Country Cook News – February 22, 2013

Hi Everyone!

After many experiments here in my kitchen I’ve come up with CB’s Special Salmon Sandwich, a fish sandwich that’s sure to win favor from those gathered around your table. It all started with a quaint restaurant called BlackFin Bistro in Key West, Florida that my husband and I discovered while trying to get some relief from the heat last September. We ordered lots of water and a red snapper fish sandwich that tasted heavenly. I made a note of the basic ingredients in the sandwich and tried for weeks to duplicate it with no luck.

Then I decided to pull out all the stops and make it my own using the food, fish and flavors I was raised on in the Pacific Northwest. Of course, salmon was my first choice for the fish, although, I’m sure it would be delish made with whatever fish you prefer. The key is for the fish to be thin; if it’s too thick, the other complimenting ingredients will be lost. If the fish is too thick after it’s cooked, I break it into big chunks and add tartar sauce to help distribute and blend the flavors (similar to making tuna or chicken salad but left in larger pieces). Another hint for success is to serve it on a good quality, lightly toasted, whole wheat hamburger bun, or on toasted rye bread. Yuuum!

This lady knows how to cook! Her site is called My Catholic Kitchen and it’s filled with a wide variety of dishes, many of which, you’ll want to try. It looks like her rescue dog, Meeka, is at least part dachshund, so you know this site will have a soft spot in my heart for reasons other than the divine recipes that are offered. Thank you, Vonnie for sharing so much of yourself with us!

Place the whole washed lemon in the freezer. Once the lemon is completely frozen, shred the entire lemon using a grater. Use on vegetables, soup, cereals, noodles, rice, sushi, fish dishes, whiskey, wherever you’d normally use lemon.  We all know lemon has its medicinal purposes, now we can use it in and on more of our foods, which will only improve our health. Excellent tip from a friend in Seattle, Patty J.


NO MORE STICKY FINGERS: To prevent sticky fingers when removing beaters from a mixer, cover beaters with plastic wrap or waxed paper to get a better grip when removing the beaters, and better yet, no more gooey fingers.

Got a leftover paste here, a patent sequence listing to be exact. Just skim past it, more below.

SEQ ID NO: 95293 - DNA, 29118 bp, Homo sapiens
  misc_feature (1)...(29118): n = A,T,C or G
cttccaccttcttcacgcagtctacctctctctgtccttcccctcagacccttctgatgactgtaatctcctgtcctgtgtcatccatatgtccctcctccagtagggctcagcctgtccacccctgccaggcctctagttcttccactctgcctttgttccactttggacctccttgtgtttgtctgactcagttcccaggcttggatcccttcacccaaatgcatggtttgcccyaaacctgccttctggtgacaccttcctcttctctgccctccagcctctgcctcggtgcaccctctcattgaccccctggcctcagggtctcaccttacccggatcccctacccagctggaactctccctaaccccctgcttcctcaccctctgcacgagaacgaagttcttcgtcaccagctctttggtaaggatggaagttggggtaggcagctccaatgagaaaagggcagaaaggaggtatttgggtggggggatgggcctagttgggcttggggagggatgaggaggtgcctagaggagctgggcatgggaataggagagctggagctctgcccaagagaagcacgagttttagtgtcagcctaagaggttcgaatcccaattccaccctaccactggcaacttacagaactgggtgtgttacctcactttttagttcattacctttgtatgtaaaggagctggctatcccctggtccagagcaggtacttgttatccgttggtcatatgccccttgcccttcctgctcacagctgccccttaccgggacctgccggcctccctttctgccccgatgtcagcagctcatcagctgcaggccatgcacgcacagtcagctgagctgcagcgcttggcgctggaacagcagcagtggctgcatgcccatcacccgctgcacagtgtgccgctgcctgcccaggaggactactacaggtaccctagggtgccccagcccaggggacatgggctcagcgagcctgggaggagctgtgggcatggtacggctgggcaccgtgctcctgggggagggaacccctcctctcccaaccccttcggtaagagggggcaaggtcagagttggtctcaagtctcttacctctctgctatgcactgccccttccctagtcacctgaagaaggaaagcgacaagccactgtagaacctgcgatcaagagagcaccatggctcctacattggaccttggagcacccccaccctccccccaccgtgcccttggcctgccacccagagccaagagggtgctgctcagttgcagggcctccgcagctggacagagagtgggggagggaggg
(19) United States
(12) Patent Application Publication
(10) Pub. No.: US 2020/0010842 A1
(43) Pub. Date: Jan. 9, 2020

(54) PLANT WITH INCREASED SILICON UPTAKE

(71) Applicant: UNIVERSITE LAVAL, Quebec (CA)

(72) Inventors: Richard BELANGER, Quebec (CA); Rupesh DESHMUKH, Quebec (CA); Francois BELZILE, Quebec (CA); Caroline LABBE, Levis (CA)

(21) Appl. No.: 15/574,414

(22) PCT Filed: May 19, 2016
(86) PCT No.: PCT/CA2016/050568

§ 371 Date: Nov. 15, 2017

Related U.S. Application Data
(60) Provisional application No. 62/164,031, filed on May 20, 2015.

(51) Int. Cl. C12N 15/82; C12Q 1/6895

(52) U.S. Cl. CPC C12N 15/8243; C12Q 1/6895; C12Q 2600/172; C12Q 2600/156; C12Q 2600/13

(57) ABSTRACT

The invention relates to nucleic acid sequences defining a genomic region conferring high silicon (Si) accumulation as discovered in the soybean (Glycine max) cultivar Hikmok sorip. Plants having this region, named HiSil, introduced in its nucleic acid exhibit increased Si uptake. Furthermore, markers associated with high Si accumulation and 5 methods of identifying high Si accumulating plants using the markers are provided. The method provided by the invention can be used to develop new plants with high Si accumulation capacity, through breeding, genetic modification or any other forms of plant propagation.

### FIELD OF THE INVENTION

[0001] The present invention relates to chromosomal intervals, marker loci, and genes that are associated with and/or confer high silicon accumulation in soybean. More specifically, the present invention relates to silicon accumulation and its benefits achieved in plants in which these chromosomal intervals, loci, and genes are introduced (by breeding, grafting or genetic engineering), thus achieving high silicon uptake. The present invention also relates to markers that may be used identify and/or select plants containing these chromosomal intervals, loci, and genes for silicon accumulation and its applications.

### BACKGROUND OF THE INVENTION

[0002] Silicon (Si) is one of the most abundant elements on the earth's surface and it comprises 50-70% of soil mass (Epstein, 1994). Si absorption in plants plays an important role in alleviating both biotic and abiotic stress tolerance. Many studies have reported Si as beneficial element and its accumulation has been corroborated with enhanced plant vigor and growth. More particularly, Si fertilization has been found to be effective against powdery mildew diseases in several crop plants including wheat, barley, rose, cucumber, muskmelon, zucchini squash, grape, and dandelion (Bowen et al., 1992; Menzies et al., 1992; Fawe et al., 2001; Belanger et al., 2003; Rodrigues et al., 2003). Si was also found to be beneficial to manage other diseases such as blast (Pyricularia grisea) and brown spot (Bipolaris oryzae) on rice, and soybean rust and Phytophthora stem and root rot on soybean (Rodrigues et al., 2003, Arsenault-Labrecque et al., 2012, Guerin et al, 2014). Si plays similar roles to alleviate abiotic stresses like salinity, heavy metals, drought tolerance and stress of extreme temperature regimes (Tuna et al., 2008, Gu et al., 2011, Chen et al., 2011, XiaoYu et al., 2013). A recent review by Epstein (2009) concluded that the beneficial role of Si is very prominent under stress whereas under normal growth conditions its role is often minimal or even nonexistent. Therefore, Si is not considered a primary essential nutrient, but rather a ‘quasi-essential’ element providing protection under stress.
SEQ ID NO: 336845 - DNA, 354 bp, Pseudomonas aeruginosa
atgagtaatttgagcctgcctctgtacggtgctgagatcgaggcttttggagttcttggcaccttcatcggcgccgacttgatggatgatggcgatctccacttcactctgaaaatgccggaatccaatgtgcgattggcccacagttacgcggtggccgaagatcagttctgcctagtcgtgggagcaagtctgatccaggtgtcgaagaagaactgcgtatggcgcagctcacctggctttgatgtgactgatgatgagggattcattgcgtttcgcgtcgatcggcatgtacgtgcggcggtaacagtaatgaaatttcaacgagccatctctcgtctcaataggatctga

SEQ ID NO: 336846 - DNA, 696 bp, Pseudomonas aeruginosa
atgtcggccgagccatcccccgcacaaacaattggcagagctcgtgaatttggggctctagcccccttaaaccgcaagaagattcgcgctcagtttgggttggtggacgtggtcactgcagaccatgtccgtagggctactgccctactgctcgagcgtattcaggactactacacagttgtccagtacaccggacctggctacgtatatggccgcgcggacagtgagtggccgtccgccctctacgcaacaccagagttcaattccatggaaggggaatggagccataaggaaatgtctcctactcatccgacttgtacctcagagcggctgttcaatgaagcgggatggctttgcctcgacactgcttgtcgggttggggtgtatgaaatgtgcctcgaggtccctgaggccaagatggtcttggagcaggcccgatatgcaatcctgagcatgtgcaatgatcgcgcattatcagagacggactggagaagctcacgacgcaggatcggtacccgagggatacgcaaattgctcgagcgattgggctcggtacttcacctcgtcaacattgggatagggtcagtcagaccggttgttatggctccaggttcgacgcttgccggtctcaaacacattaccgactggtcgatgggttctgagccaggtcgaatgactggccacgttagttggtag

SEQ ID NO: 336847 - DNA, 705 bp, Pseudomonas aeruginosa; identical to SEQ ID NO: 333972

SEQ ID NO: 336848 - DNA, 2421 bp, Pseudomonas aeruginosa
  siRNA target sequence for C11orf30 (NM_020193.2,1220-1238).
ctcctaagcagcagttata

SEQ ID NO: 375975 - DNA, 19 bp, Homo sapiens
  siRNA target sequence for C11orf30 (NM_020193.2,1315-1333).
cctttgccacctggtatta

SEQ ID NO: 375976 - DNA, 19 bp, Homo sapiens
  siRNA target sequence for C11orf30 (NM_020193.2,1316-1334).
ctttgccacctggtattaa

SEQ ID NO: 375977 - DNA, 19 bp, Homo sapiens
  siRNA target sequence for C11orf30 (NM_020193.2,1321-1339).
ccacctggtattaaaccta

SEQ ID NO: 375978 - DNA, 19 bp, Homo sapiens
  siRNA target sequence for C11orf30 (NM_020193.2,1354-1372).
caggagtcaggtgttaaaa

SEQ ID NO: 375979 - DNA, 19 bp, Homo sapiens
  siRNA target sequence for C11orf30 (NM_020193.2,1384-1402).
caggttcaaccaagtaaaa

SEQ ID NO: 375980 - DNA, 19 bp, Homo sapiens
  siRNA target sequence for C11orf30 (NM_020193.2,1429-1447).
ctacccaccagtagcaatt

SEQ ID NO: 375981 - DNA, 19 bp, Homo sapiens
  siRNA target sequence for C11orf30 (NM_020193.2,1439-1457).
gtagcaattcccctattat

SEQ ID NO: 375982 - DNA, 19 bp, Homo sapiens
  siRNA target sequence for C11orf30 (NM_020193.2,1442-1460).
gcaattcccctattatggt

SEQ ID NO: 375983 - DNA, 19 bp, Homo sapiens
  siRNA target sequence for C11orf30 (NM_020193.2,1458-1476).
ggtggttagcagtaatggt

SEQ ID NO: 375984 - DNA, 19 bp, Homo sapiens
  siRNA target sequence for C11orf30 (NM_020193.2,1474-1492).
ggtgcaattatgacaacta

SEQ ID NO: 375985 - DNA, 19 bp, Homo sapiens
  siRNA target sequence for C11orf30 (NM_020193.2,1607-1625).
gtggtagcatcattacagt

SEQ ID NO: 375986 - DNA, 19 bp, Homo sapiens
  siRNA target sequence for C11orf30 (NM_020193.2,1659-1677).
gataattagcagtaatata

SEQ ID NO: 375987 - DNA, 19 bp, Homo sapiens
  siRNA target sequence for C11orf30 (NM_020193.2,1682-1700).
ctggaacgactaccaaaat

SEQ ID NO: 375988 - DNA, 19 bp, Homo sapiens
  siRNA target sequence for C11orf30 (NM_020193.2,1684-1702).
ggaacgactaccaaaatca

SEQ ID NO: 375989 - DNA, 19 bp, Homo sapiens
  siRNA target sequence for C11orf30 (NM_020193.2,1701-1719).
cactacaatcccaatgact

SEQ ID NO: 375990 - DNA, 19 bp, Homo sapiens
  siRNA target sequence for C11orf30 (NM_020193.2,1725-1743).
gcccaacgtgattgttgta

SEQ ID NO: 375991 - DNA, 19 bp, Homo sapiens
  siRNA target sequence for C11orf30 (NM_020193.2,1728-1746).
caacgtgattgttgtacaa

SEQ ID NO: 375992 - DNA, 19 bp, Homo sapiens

Chicken Pot Pie reigns supreme in the area of comfort food. It does, however, take the whole day to put one of these babies together. Here’s a recipe from America’s Test Kitchen that will reduce the time and the pain of making it. I haven’t tried this recipe yet, let me know how it turns out if you make it.

Using an activated-carbon filtering pitcher (such as Brita or Pur) reduces the potentially harmful by-products of chlorine 92%. In comparison, boiling cuts those by-products 87%. Woman’s World Magazine, Feb. 25, 2013, Number 8

ASK CYNTHIA A QUESTION – February 22, 2013
Peggy asked: I am wondering what is the difference between white and yellow cornmeal? Why do Southerners prefer white cornmeal in their cornbread and the yellow as feed for animals? Is it just preferred taste? What is the nutritional value of each one? Can you easily substitute in each recipe and does one notice the difference in taste? Thank you!

My answer: It’s probably personal taste on whether to use white or yellow cornmeal. I make sweet yellow (applesauce) cornbread; if I was from the south perhaps I would have been taught differently. White corn is sweeter and it has slightly less vitamin A than yellow corn. White cornmeal is generally used in the Deep South where their cornbread is usually not sweetened, although everyone is different. Here’s a site that breaks down the differences among yellow, white and blue corn. Chowhound has some comments on white cornmeal vs. yellow cornmeal you might find interesting, as does A Taste of Home.  All cornmeal is made from field corn, which is fed to farm animals, so this might be the reason some consider it animal food. Good question, Peggy, thanks for asking.

Till next time…

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